The Ultimate Guide to Jobs To Be Done Theory
Jul 30, 2021
Like a fine-tuned instrument, successful innovation needs perfect calibration and careful adjustments, over and over again. Maybe you’ve already tried recalibrating your innovation efforts but to no avail. What went wrong and what to improve next?
Successful companies are usually customer-centric, focusing on the real needs of the customers and the experience they have. But how to do that? How to discover their underlying needs? Jobs To Be Done theory (JTBD) is the answer.
In this post we’ll share an extensive guide to the widely discussed JTBD theory which will help you look into customer needs, motivators and behaviours through a new lens. We’ll also provide a toolkit to help you get started with JTBD.
Jobs To Be Done (JTBD) has generated much controversy among innovators and for good reason. Just like other theories out there, before reaching its current shape, it has been tested, refined and adapted so it’s only normal to lead to so much debate. JTBD has been influenced by various theories and principles from both psychology and management fields.
It’s understandable why some might disagree on some nuances. That being said, our goal in this article is to focus on the most relevant information around the Jobs to be Done theory, so you can take the most out of it.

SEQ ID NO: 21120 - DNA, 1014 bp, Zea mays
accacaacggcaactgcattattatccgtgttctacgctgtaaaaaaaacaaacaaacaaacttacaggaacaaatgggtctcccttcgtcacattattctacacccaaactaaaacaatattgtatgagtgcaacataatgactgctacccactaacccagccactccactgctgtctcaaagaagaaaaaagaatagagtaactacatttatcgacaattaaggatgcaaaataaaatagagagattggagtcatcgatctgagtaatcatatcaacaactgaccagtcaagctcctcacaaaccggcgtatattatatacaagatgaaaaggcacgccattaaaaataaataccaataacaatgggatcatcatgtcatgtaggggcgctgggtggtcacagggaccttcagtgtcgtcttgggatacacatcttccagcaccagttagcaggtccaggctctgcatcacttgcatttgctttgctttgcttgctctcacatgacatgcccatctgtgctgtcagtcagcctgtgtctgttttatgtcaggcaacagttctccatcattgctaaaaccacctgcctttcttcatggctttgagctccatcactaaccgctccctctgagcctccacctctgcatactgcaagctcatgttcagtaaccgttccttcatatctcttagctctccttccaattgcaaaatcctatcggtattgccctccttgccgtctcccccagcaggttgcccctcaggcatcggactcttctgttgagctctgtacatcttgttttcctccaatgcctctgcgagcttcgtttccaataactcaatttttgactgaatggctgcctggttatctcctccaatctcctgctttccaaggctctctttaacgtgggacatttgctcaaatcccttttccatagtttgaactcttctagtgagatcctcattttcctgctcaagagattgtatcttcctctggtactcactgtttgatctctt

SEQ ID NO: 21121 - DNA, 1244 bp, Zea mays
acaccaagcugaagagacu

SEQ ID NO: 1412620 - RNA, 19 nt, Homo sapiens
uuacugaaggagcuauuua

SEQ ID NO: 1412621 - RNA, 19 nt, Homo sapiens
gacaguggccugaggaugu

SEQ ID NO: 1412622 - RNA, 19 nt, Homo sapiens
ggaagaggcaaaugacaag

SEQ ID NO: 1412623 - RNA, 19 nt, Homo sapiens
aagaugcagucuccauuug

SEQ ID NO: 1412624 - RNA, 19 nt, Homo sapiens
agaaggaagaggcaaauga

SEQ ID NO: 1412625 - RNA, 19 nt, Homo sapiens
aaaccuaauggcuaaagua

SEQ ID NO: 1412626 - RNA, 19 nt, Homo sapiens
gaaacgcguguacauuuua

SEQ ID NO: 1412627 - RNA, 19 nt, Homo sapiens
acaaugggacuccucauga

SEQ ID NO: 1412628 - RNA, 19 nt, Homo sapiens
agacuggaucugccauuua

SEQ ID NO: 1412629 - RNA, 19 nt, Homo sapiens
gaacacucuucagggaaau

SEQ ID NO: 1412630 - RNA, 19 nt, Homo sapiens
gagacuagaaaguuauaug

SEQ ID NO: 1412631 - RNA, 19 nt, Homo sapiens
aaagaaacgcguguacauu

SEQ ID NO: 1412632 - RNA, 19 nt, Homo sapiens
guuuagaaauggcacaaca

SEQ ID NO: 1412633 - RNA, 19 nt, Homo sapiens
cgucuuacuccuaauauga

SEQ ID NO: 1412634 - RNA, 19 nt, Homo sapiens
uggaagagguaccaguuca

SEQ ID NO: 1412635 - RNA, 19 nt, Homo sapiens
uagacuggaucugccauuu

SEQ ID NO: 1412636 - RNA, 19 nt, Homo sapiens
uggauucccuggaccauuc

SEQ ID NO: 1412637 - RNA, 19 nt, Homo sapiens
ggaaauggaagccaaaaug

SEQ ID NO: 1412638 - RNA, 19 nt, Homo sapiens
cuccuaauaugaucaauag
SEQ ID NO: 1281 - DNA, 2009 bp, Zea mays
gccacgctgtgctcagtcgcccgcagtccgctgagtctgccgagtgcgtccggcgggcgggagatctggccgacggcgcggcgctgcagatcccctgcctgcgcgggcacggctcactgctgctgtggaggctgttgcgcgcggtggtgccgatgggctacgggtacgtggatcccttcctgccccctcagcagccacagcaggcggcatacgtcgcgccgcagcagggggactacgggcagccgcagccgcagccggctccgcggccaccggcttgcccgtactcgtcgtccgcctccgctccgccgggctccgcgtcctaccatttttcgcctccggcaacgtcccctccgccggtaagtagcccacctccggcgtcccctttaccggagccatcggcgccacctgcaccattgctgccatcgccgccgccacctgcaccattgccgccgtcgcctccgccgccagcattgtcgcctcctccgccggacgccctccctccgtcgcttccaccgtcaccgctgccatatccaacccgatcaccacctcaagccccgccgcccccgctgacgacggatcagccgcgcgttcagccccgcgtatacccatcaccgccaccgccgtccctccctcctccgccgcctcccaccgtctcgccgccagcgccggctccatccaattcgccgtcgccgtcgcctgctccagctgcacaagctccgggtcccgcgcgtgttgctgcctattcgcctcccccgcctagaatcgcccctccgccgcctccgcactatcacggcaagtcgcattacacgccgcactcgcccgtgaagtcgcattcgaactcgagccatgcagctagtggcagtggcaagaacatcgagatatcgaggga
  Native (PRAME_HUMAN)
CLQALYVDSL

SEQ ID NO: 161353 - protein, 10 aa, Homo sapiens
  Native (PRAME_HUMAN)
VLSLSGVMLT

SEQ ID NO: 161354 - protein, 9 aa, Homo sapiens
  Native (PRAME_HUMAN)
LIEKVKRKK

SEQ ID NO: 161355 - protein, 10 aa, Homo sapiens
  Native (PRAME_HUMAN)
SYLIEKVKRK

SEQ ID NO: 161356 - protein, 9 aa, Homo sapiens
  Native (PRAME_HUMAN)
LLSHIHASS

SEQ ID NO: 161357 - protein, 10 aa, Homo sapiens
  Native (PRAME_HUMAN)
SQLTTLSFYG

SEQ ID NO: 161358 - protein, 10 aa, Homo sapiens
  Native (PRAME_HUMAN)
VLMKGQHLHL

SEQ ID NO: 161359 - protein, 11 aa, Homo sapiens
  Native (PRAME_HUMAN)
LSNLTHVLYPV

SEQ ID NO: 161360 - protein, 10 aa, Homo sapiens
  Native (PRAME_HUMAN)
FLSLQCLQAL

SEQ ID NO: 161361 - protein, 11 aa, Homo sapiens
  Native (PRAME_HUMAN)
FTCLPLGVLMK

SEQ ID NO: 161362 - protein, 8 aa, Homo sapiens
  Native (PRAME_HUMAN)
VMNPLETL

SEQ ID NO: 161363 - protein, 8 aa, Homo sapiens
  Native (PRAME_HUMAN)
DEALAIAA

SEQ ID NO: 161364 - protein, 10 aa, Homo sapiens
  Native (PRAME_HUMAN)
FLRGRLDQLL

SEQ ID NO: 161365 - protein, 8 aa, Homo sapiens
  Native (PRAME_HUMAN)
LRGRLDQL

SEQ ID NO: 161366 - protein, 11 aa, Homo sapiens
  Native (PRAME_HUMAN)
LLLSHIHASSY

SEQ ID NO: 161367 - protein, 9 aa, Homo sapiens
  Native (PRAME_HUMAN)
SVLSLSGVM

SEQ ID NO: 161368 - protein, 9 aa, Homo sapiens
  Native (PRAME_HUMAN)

Where does it come from? One of the most prominent names linked to JTBD, who also had a major contribution in popularizing it is Clay Christensen, academic, business consultant and author of several books on innovation. Tony Ulwick, Bob Moesta and Chris Spiek are also some of the names that have been very active in promoting and developing Jobs to be Done through their businesses and publications.
But without further ado, let’s see what Jobs To Be Done is really about. In short, JTBD explains how and why customers “hire” or pull certain products or services into their life. It’s not about a specific task or activity that triggers their action, but it uncovers the customers’ desire to make progress, in given circumstances.
This approach also provides a new perspective on who your competition is and how to break away from the industry standards and differentiate yourself using unique customer insights. JTBD is meant to help you better understand customer behaviour and reframe competition.Simply put, Jobs To Be Done supports innovation by looking into why and how someone decided to hire a product or service and sets the scene so you can create better fitted, value adding solutions.